The World Health Organization (WHO) on Wednesday officially recommended the widespread use of the jab known as RTS, S, after Studies in Kenya, Ghana and Malawi.

Kenya became the third country to introduce clinical trials for the vaccine in 2019.

The trade name is Mosquirix and was jointly developed by the British pharmaceutical giant GlaxoSmithKline , PATH and African research institutes.

This is “a historic day” as it took 30 years to develop the vaccine, said WHO Director General Dr. Tedros Adhanom Ghebreyesus.

“We still have a long way to go. But this is a long way to go. The malaria vaccine is a gift to the world, but it’s worth getting in Africa on be most noticeable where the malaria burden is greatest, “he said.

” I thank the researchers in Africa for providing the data and insight that led to this decision – this is a vaccine in Africa developed by African scientists. “

The dream of a malaria vaccine was” a long-cherished but unattainable dream “and the development of the vaccine took more than 30 years, is the course of the public Changing health.

Using the new vaccine along with existing tools to prevent malaria, he said, could save tens of thousands of young lives each year.

“This is the long-awaited malaria vaccine is a breakthrough in the science of child health e time and malaria control, ”he said.

According to the WHO, more than 800,000 children in the three African pilot countries have been given at least one dose of the vaccine since 2019 as part of normal children’s vaccination programs, with experts saying that the vaccine has been shown to be safe and 30 percent of severe malaria cases.

Kemri’s joy knows no bounds.

“Having passed more than 2 million doses of the vaccine through routine vaccination systems in the 3 pilot countries have been administered and hundreds of thousands of children have been vaccinated, there is no evidence that the safety signals seen in the previous Phase 3 study were caused by the vaccine, ”Kemri said in an official statement.

“The vaccine has been shown to be safe and effective in the pilot projects and in a number of other recent RTS, S clinical studies. The assessment at the time of regulatory review and by the Clinical Trials Data Safety Monitoring Board was that the observations were incidental and this pilot program has now resolved. “

The effects of this vaccine on additional Current malaria control measures, says Kemri, are significant and can lead to significant and significant reductions in disease and deaths and the burden on health systems.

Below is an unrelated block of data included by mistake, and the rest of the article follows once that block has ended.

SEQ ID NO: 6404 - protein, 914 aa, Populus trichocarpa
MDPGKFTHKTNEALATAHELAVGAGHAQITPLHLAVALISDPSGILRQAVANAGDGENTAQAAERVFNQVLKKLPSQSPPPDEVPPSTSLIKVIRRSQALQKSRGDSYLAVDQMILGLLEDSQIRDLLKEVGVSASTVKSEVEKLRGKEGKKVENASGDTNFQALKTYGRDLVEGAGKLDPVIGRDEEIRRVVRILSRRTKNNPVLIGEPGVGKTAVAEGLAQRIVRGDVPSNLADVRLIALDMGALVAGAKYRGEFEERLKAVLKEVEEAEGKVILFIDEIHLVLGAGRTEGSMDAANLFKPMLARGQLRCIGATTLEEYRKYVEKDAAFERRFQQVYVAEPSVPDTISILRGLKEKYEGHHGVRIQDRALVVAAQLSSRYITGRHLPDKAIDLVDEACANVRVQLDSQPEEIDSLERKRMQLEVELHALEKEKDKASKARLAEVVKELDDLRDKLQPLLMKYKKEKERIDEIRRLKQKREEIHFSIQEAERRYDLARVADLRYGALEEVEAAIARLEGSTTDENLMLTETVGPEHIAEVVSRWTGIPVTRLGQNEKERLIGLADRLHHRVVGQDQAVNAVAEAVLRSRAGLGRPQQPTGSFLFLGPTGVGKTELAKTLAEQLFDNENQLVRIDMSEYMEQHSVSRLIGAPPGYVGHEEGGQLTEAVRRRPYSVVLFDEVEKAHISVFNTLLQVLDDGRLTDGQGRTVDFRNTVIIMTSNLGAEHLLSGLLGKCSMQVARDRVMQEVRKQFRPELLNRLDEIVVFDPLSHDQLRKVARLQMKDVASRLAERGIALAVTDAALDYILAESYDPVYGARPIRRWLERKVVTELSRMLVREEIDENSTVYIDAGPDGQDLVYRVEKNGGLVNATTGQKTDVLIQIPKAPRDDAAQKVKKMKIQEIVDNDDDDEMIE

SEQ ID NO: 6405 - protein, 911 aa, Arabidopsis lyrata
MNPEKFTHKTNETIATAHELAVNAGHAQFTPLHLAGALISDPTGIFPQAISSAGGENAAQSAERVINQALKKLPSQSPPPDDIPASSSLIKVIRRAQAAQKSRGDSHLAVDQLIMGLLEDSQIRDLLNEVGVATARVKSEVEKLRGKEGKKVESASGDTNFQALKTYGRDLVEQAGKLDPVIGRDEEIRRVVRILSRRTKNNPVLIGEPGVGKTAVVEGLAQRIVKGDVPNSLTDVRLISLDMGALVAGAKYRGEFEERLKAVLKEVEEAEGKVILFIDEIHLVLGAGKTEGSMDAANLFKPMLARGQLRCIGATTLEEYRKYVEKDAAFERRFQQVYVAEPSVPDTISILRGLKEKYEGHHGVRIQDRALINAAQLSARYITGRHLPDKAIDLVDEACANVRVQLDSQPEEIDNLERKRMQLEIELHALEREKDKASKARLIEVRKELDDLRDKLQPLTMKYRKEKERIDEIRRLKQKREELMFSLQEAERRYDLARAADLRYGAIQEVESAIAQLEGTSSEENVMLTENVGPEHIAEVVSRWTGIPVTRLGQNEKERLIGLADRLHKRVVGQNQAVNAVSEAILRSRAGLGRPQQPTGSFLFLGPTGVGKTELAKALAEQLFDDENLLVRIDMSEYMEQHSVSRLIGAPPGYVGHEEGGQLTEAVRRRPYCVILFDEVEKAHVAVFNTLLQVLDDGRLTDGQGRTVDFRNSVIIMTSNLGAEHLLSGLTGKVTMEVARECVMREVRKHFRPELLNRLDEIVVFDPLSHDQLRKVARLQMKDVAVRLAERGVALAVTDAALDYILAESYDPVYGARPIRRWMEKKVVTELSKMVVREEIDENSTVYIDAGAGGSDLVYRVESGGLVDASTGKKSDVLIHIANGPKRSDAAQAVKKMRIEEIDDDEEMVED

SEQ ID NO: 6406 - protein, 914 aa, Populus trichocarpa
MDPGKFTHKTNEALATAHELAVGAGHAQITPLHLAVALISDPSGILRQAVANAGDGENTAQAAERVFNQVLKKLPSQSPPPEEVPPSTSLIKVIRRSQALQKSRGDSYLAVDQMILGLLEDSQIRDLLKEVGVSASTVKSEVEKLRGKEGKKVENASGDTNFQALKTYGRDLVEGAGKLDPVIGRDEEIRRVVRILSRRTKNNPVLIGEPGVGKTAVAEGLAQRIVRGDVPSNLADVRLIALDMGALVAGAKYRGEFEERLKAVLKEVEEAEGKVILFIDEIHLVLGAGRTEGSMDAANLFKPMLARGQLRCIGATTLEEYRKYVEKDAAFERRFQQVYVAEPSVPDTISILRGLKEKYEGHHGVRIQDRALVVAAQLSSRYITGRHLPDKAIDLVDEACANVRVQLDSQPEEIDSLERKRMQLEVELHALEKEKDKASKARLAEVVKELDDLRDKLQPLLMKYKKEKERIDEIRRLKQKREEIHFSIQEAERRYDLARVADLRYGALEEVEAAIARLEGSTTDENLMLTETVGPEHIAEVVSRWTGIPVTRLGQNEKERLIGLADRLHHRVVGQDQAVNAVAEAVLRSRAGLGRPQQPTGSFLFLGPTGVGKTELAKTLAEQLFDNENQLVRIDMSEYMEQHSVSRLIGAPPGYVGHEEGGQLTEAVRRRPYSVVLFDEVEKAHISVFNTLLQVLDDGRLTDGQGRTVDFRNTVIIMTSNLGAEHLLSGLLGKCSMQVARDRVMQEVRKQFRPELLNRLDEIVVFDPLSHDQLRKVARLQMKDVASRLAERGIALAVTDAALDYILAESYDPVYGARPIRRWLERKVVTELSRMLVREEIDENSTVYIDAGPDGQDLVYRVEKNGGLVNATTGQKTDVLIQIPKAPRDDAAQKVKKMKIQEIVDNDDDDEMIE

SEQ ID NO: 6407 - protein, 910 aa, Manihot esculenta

“At least 3,000 children die from malaria every day in Africa. RTS, S malaria vaccine is a welcome addition to the existing arsenal against malaria. We salute the galaxy of researchers and funders involved in the RTS, S vaccine’s breakthrough in malaria control. A good day for science! “Kemri followed with one Tweet.

In a phone conversation with the nation, Aaron Samuels, the director of the Kenya Malaria Program, described ms the US Centers for Disease Control and Prevention (CDC) considered this success historic.

“I think this is a historic event for the world and especially for Kenya, where there is systemic malaria gives. This vaccine will save lives for children across sub-Saharan Africa. I want Kemri. thank you and celebrate him, who were instrumental in making this recommendation and this vaccine a success, “said Samuels, who is also the lead researcher for the malaria vaccine.

” I’m just proud to be still alive, but now we still have to work a lot on how it is financed, who finances it and what role the African heads of state and government have to play because we have to come together to make these decisions. ”< / p>

In an official statement, PATH, a not-for-profit global health organization based in Seattle, USA, said it was gratifying to know that a malaria vaccine specially developed for African children could soon become more widely available. < / p>

“This is especially true now as progress in the fight against malaria has stalled in parts of the Africa region and children remain at increased risk of developing the disease ready to die, ”said Dr. Nathalie Mugala, Head of Africa Region at PATH.

Last year, President Uhuru Kenyatta launched the “Zero Malaria Starts With Me” campaign as the person at the head of the Africa Leaders Malaria Alliance. This vaccine could be a solution to this goal.

In February the government set up the Council to Fight Malaria (EMC), which consists of 12 members. One of his strategies is malaria prevention.

Kenya is the fifth country to join the EMC initiative.